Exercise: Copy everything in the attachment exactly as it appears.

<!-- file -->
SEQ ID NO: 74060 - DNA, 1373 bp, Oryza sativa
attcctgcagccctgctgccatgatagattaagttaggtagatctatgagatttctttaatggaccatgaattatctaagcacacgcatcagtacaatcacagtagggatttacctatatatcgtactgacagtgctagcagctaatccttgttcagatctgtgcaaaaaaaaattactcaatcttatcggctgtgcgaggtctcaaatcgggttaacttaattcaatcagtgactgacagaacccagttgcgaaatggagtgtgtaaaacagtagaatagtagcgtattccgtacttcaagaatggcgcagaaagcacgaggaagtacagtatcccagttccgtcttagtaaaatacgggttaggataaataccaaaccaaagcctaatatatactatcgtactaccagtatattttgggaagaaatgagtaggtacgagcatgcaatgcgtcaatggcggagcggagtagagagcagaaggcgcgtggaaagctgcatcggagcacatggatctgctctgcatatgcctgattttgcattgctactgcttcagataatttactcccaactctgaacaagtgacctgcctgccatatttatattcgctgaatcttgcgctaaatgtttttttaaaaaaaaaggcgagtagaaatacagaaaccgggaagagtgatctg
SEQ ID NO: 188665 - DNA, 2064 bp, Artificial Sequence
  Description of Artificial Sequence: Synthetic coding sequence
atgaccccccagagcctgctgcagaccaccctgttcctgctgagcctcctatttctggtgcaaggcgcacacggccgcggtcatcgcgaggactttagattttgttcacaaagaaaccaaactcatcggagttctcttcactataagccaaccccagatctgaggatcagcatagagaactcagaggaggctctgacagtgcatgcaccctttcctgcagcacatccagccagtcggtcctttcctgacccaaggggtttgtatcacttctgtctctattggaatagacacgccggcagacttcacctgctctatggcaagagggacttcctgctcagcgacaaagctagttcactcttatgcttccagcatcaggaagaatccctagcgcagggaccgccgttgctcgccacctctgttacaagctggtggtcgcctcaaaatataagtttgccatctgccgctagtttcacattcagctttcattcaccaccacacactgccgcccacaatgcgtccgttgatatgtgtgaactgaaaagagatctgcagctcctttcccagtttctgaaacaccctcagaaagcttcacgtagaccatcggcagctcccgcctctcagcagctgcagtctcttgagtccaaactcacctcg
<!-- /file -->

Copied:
SEQ ID NO: 74060 - DNA, 1373 bp, Oryza sativa
attcctgcagccctgctgccatgatagattaagttaggtagatctatgagatttctttaatggaccatgaattatctaagcacacgcatcagtacaatcacagtagggatttacctatatatcgtactgacagtgctagcagctaatccttgttcagatctgtgcaaaaaaaaattactcaatcttatcggctgtgcgaggtctcaaatcgggttaacttaattcaatcagtgactgacagaacccagttgcgaaatggagtgtgtaaaacagtagaatagtagcgtattccgtacttcaagaatggcgcagaaagcacgaggaagtacagtatcccagttccgtcttagtaaaatacgggttaggataaataccaaaccaaagcctaatatatactatcgtactaccagtatattttgggaagaaatgagtaggtacgagcatgcaatgcgtcaatggcggagcggagtagagagcagaaggcgcgtggaaagctgcatcggagcacatggatctgctctgcatatgcctgattttgcattgctactgcttcagataatttactcccaactctgaacaagtgacctgcctgccatatttatattcgctgaatcttgcgctaaatgtttttttaaaaaaaaaggcgagtagaaatacagaaaccgggaagagtgatctg
SEQ ID NO: 188665 - DNA, 2064 bp, Artificial Sequence
  Description of Artificial Sequence: Synthetic coding sequence
atgaccccccagagcctgctgcagaccaccctgttcctgctgagcctcctatttctggtgcaaggcgcacacggccgcggtcatcgcgaggactttagattttgttcacaaagaaaccaaactcatcggagttctcttcactataagccaaccccagatctgaggatcagcatagagaactcagaggaggctctgacagtgcatgcaccctttcctgcagcacatccagccagtcggtcctttcctgacccaaggggtttgtatcacttctgtctctattggaatagacacgccggcagacttcacctgctctatggcaagagggacttcctgctcagcgacaaagctagttcactcttatgcttccagcatcaggaagaatccctagcgcagggaccgccgttgctcgccacctctgttacaagctggtggtcgcctcaaaatataagtttgccatctgccgctagtttcacattcagctttcattcaccaccacacactgccgcccacaatgcgtccgttgatatgtgtgaactgaaaagagatctgcagctcctttcccagtttctgaaacaccctcagaaagcttcacgtagaccatcggcagctcccgcctctcagcagctgcagtctcttgagtccaaactcacctcg